Chapter Nine: Saige
The frigid air blowing across her face felt pleasant for once. She shut her eyes and let it wash over her. Her skin tingled, warning her that the chill wasn’t welcome, but it didn’t matter. She almost felt free, riding in the backseat of Glen and Robert’s SUV. The only thing preventing her from disregarding all concern was their unknown destination.
After she’d calmed down at the hotel, Glen and Robert had immediately begun brainstorming. She curled up in the bed and observed in silence, sniffing occasionally.
“All of the travel ways will be monitored,” Robert was saying. “Blocked off too, most likely. We’re not going to make it back to Tulca.”
“The spaceways aren’t the only method of transport, you know.”
There was a long pause before Robert spoke again. “We’ve broken enough laws for a while, don’t you think? Should this all go south, we want as few charges as possible.”
“I don’t care about that right now. Can you find one?”
She wished she’d had the chance to gain a friend that could practically read her mind. She watched Robert tip his head back and close his eyes. He may have been counting to ten or something.
“Yeah, fine. Whatever. I don’t have a choice, do I?”
Glen grinned. “For someone who only joined the military so you could hack into important stuff with good reason, you’re too hesitant about this.”
Robert glared at him, opening his laptop and settling back on the other bed. He tucked a pillow behind his head and cracked his knuckles. “Death wasn’t imminent then. I’d rather not be executed for treason.”
“You won’t be. You’ll be executed for aiding and abetting a war criminal. Me.”
Saige frowned at Glen’s gleeful grin. He looked far too excited by the situation. Normal people would have been terrified. Normal people would have given her no thought to begin with. What was his story? She knew little about him, besides that he was a General in the military, and had a daughter. She still cringed inside to think of the last fact. She’d truly wanted them to leave her and never come back, but some sick, twisted part of her was glad they had stayed with her.
“Aren’t you cold,” Glen asked from the front seat.
“It felt amazing in the hotel room,” she said. “I know the two of you must’ve been melting. I can deal with this for a while.”
He smiled, and even Robert glanced at her in the rearview mirror. The rest of the ride was smooth, and without incident. She unwound after a couple hours or so when it became clear that they wouldn’t be running into any more Namai agents for a while.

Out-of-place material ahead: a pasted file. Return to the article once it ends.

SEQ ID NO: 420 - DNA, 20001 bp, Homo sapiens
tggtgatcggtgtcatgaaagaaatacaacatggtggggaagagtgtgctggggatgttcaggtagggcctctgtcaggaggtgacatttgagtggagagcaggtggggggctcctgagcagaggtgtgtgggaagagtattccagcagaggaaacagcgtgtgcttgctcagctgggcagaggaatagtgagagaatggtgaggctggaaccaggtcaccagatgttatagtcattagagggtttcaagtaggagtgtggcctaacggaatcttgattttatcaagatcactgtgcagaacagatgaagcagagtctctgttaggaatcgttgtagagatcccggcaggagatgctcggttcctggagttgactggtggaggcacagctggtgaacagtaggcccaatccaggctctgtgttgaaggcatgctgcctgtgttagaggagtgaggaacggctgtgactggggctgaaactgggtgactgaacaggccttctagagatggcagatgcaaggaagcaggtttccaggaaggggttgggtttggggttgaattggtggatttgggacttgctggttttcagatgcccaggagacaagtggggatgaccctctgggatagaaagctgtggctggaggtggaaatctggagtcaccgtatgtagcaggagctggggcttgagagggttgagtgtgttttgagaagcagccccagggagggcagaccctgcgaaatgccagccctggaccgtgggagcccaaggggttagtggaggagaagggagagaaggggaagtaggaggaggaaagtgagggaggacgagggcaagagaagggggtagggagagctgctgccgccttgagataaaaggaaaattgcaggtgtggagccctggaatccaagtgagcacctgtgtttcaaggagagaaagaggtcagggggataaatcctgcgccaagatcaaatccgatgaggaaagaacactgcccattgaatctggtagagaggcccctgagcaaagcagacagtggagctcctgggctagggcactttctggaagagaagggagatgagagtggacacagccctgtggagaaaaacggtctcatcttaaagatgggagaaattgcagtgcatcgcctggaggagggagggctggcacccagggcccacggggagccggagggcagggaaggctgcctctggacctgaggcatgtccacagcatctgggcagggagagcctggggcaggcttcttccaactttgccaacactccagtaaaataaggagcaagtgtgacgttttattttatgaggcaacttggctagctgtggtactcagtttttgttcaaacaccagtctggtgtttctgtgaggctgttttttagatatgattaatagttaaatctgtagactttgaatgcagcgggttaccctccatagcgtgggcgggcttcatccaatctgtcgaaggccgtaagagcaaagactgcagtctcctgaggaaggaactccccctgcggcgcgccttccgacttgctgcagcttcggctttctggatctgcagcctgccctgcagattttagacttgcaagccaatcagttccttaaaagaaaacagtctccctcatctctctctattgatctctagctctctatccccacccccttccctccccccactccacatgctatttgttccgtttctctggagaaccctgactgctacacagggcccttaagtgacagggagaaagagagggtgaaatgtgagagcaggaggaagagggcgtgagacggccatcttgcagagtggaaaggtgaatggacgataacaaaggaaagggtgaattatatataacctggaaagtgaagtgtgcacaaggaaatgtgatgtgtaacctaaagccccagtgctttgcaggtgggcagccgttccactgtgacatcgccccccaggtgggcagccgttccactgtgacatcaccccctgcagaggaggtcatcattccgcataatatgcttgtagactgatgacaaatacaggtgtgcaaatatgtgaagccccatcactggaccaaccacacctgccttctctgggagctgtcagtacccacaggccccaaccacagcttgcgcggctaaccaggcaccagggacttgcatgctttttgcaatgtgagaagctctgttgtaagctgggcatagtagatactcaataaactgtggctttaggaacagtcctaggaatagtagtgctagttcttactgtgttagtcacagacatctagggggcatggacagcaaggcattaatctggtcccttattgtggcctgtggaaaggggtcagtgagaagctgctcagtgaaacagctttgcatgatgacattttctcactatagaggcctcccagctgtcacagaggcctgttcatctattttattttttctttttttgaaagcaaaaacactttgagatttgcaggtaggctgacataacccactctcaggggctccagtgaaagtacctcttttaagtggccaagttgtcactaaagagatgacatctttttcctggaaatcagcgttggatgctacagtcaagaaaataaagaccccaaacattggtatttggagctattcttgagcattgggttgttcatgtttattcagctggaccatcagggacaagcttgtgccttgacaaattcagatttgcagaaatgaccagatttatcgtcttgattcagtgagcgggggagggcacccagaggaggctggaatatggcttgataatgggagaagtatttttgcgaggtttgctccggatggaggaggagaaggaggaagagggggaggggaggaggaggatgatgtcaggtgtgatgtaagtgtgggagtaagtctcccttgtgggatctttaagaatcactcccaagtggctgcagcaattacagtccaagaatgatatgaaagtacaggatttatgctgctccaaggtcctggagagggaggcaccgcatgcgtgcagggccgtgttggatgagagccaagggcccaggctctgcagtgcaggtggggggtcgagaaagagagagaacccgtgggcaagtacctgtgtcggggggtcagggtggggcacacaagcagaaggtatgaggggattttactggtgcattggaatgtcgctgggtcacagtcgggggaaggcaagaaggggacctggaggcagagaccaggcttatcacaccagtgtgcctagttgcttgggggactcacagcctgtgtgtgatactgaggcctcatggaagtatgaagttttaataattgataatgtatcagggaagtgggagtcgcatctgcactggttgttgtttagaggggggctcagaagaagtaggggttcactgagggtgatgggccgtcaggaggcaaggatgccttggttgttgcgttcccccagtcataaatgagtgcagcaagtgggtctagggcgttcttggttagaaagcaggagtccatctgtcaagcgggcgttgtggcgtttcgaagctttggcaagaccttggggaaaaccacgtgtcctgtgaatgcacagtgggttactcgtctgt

“I have a question,” Robert asked, after informing her that they were minutes from their destination. “What are you, exactly? Why are they saying you’re an intergalactic threat? You’re just a Siren, right?”
Her eyes remained fixed out of her window, and she watched the beautiful, star-filled horizon fly by. She took a deep breath, and looked back at him. Glen had turned to look at her in question as well.
“No,” she said, “I’m not a Siren.”
“But I heard you singing in the hot spring,” Glen said. “It sounded like a giant crowd of people. A choir. Only Siren can do that.”
“That’s what everyone thinks,” she murmured.
“Full disclosure,” Robert reminded her. He didn’t look at her though.
She sighed. As was her habit, she leaned forward to look out the front windshield, and spotted him just as Robert did. He barked a sharp word and hit the brakes, jerking the wheel. The squeal of tires on asphalt gave her an instant headache, and the car stopped, parked sideways in the road.
“Stay put,” Glen ordered, climbing out. Robert was close on his heels.
She watched, partially hidden behind the driver’s seat, as they approached the man who had magically appeared in the road. He didn’t move, even as they approached.
“We don’t mean any harm,” Glen yelled. The man was a good distance away. “We need help, and my friend here looked you up—”
“I’m not in the databases anymore,” the man said.
His voice was deep and rough, and sent shivers down her spine. His goal was obviously to sound intimidating, but underneath that she could hear an underlying note of exhaustion, and emptiness. He was to be feared, but he was also in pain himself.
“My name is Glen Mykel.”
A pause, then, “As in Genral Mykel?”
“What are you doing here? You’ve not come to recruit me, I hope.” The man laughed, a loud, harsh sound. “I’m far too out of shape and practice. With a bit too many bad habits, I believe, to be of any use to the service any more. You should turn around and head back to Tulca. Don’t they usually ask these things by message anyway?”
Saige strained to see him through the slight fog that had gathered over the road. All she could make out was that he was enormous, his silhouette far larger than Glen or Robert’s.
“We’re not here on official business. To be completely truthful, we’re in some trouble. We need a ride, so to speak, to Tulca.”
“Trouble? I didn’t think you of all people would be coming to me to get out of some trouble. You walk on water, don’t you?” The man’s laugh was now condescending and loose. Almost as if he was intoxicated. Maybe he was.
“What did you do? Have you been grounded by the service? Kicked off the planet for a bit? Well I can’t help with those disputes, I’m afraid. ”
“I’m assisting someone our government perceives to be an intergalactic threat.”
The man stopped laughing. “Oh? What is the threat exactly?”